If you are a 'believer' in need of having your faith reinforced by an attractive medium, then this is your movie. Family friendly, violence-free, tranquil 'To-Kill-a-Mockingbird' small-town setting and warm musical score, it's all there. And you will probably not be too distracted by the thin, worn and predictable plot and the inconsistent editing. As far as the acting, perhaps the actors and actresses involved gave as much of their talent as was possible. That I don't really feel qualified to assess. But having been a trial attorney myself, as with every film featuring a criminal trial, I'm interested in whatever nuances the writers will bring not only to the climactic jury delivery (there were, to be sure, some insightful words in that respect), but also to the attorneys' stress, preparation, investigation, planning, questioning, etc. And that is where for me the movie fails, in that in its subtle eagerness to put across its god-centered message, it ignores the gaping insufficiencies in the substance of the trial itself. No defense attorney with a conscience and a capable intellect would ever come to a murder trial as ill-prepared as Modine's character. In the film-makers' defense, it was obvious in several of the courtroom scenes and exchanges, that the novelist and/or scriptwriter did have some legal consultation during the project, but it simply was overborne by the inevitable tendency of artists to create somewhat of an alchemist's solution rather than expend the effort necessary to fashion a more richly atmospheric, suspenseful tale. For the latter, and without the theism, try "The Verdict" starring Paul Newman.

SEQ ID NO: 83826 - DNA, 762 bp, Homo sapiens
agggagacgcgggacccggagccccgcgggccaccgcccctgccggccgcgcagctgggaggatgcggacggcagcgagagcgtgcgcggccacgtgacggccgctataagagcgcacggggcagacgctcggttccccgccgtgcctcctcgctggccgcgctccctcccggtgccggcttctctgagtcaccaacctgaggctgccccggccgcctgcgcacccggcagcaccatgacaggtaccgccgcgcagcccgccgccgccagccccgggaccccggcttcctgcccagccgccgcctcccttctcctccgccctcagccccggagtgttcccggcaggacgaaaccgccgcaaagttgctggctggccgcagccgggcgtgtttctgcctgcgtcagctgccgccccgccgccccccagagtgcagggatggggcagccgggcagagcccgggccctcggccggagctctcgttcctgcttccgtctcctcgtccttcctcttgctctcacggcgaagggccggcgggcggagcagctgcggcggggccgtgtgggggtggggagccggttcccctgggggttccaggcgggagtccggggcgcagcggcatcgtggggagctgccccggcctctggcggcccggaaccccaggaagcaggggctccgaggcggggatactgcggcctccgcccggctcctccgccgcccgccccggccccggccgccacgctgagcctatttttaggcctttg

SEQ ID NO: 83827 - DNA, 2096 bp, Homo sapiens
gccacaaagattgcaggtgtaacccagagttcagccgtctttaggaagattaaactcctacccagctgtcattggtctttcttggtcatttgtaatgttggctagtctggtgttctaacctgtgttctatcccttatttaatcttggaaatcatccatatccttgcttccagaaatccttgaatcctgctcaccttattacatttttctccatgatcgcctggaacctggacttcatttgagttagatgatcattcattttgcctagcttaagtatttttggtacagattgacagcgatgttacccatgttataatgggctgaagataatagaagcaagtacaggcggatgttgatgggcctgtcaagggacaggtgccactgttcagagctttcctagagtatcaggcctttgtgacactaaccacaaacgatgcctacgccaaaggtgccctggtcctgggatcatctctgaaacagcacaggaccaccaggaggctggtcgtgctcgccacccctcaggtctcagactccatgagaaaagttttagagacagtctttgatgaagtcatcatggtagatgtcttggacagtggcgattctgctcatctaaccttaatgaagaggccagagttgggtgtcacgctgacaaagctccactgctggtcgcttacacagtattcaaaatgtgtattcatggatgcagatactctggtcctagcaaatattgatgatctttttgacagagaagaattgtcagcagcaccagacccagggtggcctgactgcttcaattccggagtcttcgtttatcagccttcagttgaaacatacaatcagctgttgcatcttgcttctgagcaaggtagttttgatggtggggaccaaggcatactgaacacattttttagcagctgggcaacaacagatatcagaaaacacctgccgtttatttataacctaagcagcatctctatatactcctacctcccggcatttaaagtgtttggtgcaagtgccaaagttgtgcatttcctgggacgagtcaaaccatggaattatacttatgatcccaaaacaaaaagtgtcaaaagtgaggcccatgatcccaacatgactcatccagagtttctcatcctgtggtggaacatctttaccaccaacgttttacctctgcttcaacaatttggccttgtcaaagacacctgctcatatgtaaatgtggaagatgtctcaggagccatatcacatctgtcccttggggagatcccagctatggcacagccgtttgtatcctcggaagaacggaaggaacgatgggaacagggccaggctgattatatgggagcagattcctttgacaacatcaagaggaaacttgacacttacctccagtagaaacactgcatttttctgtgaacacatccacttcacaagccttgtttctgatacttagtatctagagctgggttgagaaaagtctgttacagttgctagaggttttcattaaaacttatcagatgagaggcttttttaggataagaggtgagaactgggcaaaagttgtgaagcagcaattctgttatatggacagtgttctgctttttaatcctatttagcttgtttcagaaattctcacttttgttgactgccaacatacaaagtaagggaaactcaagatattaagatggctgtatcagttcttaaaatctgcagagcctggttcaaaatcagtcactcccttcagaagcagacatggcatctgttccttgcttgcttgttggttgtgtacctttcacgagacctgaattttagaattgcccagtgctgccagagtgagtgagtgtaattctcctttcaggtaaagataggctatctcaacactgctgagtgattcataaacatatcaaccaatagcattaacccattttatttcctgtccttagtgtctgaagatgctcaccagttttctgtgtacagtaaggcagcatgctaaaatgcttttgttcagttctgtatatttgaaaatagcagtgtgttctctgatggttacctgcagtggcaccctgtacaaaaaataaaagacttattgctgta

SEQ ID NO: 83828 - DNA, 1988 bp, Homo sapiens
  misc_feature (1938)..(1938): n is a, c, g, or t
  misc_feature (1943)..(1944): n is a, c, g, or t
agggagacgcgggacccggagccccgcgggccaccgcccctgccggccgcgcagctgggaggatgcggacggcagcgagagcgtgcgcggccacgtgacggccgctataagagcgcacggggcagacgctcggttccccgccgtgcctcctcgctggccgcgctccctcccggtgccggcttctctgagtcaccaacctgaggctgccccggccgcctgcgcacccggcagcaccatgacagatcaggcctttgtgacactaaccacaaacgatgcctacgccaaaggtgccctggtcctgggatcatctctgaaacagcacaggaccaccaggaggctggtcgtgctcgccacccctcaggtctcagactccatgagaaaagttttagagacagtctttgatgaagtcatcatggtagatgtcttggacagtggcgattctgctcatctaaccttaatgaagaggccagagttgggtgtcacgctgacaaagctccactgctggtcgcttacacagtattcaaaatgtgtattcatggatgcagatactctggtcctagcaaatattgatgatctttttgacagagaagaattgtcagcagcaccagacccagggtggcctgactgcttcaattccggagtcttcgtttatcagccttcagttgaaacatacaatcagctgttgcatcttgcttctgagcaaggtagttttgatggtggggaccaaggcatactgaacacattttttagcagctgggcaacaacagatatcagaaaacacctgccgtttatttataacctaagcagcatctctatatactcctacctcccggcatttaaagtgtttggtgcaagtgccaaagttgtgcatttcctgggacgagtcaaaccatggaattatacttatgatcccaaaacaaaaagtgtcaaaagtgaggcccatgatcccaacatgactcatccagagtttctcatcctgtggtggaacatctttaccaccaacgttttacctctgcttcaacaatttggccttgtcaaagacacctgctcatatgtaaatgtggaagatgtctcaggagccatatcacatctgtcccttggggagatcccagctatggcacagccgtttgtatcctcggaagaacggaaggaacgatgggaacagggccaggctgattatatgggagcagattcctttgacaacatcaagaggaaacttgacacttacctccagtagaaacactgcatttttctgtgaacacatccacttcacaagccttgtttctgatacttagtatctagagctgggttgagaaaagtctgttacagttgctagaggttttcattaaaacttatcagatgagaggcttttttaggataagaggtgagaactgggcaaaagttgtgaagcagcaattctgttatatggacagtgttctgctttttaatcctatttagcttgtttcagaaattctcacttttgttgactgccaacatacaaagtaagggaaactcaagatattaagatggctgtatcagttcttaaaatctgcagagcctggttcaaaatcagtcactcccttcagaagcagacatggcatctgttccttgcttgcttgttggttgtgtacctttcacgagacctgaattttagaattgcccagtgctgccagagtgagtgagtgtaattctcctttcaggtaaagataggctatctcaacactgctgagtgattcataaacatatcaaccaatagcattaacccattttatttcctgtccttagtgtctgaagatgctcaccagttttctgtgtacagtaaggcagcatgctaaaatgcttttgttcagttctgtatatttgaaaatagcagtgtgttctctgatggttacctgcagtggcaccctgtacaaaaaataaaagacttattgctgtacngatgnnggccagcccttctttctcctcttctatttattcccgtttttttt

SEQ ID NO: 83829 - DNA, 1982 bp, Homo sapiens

Perhaps my chief 'criticism' of this film, however, is in its deception-by-omission marketing. Certainly there is nothing objectionable about making a family-friendly movie. Many studios do a wonderful job of doing so, and I too have had enough of blood, gore, car chases, superheroes and CGI to last a lifetime. But this film is more than just a vehicle for family entertainment. It is a film that you would expect to see in a church or religious setting, not in a general public distribution. If you are skeptical that this film's central message is advocacy for a theistically-centered life, be mindful near the end of the credits which inform you that for more information about the 'themes' in the movie, visit Doing so will dispel any doubt.
  • Warning: Spoilers
    This is my first review ever here on IMDb. Probably my last because I am embarrassed I sat thru this entire dish of cold pablum.